The Carlyle Group, which owns several defense contractors, including United Defense Industries, could be a buyer. But Cerberus [see below for more on Cerberus], with $23 billion under management, seems to fit the bill especially nicely. Since it plans to take control of DynCorp, and already runs IAP Worldwide, which provides logistical support for the Pentagon, Cerberus will have a deep bench of capable management at its disposal.

What can we learn from the news? For starters, like it or not, dealing with the media is a critical part of your work. Companies that don’t answer questions quickly and fully allow critics to get away with making all sorts of wild charges which are endlessly repeated in the echo chamber known as the Internet. Admittedly, this is not always the fault of the companies. Many contracts stipulate that queries about a company’s work can only be answered by the client, which is often the U.S. government, and it is not anxious to answer questions. Still, the no comment policy only hurts companies and they need to be far more active in engaging with the media.

As an example of why this is important consider, as MarketWatch reported that two years ago, Cerberus Capital Management turned down a chance to invest in the company when it was still called Blackwater. Though no reason was given, it was speculated that the reclusive private‐​equity firm shied away from the unwanted attention that would have come with such a purchase.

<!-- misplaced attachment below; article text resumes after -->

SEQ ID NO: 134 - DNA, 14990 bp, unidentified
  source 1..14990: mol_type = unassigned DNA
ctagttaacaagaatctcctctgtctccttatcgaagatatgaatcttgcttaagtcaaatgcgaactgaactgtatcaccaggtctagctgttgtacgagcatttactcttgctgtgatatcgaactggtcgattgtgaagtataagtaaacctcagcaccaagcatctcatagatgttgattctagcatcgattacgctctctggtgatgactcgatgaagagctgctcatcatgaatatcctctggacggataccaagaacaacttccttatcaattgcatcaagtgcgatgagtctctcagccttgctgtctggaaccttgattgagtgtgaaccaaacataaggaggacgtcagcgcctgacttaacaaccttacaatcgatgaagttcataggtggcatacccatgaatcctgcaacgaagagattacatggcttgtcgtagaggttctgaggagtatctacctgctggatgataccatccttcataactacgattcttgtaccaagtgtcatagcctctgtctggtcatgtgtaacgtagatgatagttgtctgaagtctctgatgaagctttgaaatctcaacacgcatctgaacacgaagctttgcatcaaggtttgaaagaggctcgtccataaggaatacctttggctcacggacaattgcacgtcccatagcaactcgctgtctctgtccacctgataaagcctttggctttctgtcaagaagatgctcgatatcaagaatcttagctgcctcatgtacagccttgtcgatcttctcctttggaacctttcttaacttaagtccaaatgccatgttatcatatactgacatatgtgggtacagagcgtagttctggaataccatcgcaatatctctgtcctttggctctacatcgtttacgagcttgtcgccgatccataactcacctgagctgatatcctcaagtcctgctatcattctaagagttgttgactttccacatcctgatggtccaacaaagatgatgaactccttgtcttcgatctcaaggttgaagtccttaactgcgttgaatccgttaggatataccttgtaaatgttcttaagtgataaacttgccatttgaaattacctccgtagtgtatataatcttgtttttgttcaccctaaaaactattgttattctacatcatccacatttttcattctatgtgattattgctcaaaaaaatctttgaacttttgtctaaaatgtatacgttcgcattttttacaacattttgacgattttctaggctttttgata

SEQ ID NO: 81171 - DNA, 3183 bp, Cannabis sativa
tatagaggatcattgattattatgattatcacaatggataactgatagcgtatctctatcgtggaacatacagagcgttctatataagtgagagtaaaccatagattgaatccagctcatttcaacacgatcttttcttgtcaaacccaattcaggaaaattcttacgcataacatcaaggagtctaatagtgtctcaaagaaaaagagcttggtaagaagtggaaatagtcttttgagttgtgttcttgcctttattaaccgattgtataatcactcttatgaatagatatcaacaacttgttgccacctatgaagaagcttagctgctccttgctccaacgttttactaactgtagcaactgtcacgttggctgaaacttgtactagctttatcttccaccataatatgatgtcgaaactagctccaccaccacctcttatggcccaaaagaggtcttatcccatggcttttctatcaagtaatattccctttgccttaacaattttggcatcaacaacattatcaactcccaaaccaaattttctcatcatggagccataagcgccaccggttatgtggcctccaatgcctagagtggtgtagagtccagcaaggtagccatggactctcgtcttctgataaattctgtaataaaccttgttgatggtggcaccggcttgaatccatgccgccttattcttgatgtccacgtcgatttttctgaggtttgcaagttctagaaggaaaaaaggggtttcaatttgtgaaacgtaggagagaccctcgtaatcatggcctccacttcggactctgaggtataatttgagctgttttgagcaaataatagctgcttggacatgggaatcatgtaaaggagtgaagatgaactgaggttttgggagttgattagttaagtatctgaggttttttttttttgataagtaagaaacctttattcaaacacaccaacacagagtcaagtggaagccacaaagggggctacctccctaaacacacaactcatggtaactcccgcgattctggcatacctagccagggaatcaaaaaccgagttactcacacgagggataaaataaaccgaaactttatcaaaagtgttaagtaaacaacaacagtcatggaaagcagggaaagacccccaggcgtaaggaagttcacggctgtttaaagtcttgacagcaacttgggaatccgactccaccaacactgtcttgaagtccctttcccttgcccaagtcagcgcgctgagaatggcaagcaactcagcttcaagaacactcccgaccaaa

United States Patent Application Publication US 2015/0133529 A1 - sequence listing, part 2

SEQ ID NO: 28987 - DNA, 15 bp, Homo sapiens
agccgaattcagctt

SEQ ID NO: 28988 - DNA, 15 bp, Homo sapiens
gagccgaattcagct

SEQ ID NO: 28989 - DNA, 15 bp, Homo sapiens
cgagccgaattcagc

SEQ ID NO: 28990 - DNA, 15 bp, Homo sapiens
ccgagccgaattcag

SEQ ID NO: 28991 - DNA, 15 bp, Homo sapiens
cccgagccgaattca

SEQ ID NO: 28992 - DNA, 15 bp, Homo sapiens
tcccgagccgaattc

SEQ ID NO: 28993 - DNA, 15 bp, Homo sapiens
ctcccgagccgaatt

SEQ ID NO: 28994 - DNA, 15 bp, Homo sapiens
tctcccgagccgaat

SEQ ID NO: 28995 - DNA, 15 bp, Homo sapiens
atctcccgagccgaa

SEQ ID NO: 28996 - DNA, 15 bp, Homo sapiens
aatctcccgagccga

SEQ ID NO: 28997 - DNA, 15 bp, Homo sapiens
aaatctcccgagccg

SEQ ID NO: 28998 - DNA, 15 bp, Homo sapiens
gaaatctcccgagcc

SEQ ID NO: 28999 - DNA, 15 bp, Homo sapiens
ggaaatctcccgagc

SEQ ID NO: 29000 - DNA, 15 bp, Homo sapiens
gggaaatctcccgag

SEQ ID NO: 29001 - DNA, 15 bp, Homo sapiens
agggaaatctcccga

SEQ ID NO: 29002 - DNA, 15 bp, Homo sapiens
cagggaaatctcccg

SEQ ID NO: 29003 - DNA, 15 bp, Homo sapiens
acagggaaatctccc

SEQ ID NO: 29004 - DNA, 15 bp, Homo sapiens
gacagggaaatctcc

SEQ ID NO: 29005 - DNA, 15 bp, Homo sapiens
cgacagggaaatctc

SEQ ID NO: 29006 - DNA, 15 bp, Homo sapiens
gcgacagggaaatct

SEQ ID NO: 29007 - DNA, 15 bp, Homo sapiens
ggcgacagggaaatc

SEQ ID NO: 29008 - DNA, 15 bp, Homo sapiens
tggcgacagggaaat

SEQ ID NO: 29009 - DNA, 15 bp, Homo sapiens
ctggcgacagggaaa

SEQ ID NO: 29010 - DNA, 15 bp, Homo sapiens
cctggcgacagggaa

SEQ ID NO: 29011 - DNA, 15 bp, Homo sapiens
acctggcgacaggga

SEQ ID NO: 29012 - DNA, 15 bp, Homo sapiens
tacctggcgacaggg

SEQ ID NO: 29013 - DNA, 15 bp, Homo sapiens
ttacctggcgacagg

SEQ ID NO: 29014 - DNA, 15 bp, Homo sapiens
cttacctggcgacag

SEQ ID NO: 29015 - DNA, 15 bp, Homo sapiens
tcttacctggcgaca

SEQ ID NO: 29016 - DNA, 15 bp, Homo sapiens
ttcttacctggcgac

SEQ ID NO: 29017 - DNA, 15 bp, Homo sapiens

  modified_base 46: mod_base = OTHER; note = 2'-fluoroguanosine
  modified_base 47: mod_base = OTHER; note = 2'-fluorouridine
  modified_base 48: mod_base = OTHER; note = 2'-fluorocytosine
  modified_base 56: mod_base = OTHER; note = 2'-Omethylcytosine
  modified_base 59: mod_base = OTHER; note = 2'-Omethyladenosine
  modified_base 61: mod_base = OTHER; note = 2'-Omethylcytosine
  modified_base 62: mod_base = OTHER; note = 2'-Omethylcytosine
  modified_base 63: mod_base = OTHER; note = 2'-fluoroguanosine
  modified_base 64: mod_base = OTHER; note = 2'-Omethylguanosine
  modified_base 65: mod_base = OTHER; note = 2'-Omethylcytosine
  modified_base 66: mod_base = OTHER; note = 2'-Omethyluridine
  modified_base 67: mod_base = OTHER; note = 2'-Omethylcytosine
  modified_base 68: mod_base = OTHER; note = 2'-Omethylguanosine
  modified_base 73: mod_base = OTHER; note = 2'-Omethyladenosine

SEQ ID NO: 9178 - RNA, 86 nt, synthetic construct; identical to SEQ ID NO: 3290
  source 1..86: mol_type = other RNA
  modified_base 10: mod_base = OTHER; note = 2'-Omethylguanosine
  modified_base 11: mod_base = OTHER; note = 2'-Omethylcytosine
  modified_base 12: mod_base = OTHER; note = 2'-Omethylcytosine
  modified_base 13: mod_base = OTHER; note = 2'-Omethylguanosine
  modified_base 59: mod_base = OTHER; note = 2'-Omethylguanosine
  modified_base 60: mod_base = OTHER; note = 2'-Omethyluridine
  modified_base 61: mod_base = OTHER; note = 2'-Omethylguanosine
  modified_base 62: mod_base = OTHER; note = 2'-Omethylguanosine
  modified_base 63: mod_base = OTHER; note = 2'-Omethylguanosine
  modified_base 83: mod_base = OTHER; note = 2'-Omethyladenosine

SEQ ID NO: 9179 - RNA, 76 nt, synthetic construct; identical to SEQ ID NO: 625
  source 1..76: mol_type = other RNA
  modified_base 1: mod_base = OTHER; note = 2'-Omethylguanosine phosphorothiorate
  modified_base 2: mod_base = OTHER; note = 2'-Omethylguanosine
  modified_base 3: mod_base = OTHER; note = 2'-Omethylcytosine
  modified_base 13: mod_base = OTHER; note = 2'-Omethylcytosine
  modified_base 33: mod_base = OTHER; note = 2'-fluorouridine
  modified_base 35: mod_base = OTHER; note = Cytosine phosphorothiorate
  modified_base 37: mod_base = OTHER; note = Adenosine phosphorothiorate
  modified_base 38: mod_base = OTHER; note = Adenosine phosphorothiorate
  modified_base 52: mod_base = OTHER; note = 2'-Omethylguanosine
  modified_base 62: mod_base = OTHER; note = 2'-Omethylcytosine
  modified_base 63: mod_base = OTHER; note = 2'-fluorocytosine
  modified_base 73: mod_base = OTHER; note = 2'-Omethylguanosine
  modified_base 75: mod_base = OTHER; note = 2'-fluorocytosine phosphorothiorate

Given that Cerberus is now in the process of acquiring DynCorp International, another private military and security contractor, it couldn’t have been the prospect of acquiring such a firm in and of itself that bothered Cerberus. Rather it was Blackwater’s reputation.

A corollary to this is that rebranding doesn’t work. As we all know Blackwater changed its name in the aftermath of the September 2007 incident in which Blackwater contractors killed 17 Iraqi civilians at Nisoor Square in Baghdad during a firefight. By that time, rightly or wrongly, Blackwater was widely viewed as a sort of corporate pig. The name change was seen as putting lipstick on a swine. It did not help. Xe Services was still seen as Blackwater.

Another lesson is that companies really need to have a business model from the very beginning. It was always a bit unclear what was Erik Prince’s [Blackwater’s founder] real motivation was. Yes, to be sure, it was to make money. But he had scads of money to begin with. Many thought that he simply thought it was a cool thing to do. That may be fine for an Internet startup but when you are talking about a company involved in military issues, as in periodically killing people and destroying things, you need to be as serious as a heart attack.

Finally, Blackwater/​Xe Services or whatever it is called in the future is unlikely to be filing for Chapter 7 relief. It simply is too important to the U.S. government and holds too many contracts worth a lot of money. That alone guarantees someone will be buying it, even if the government has to provide an incentive.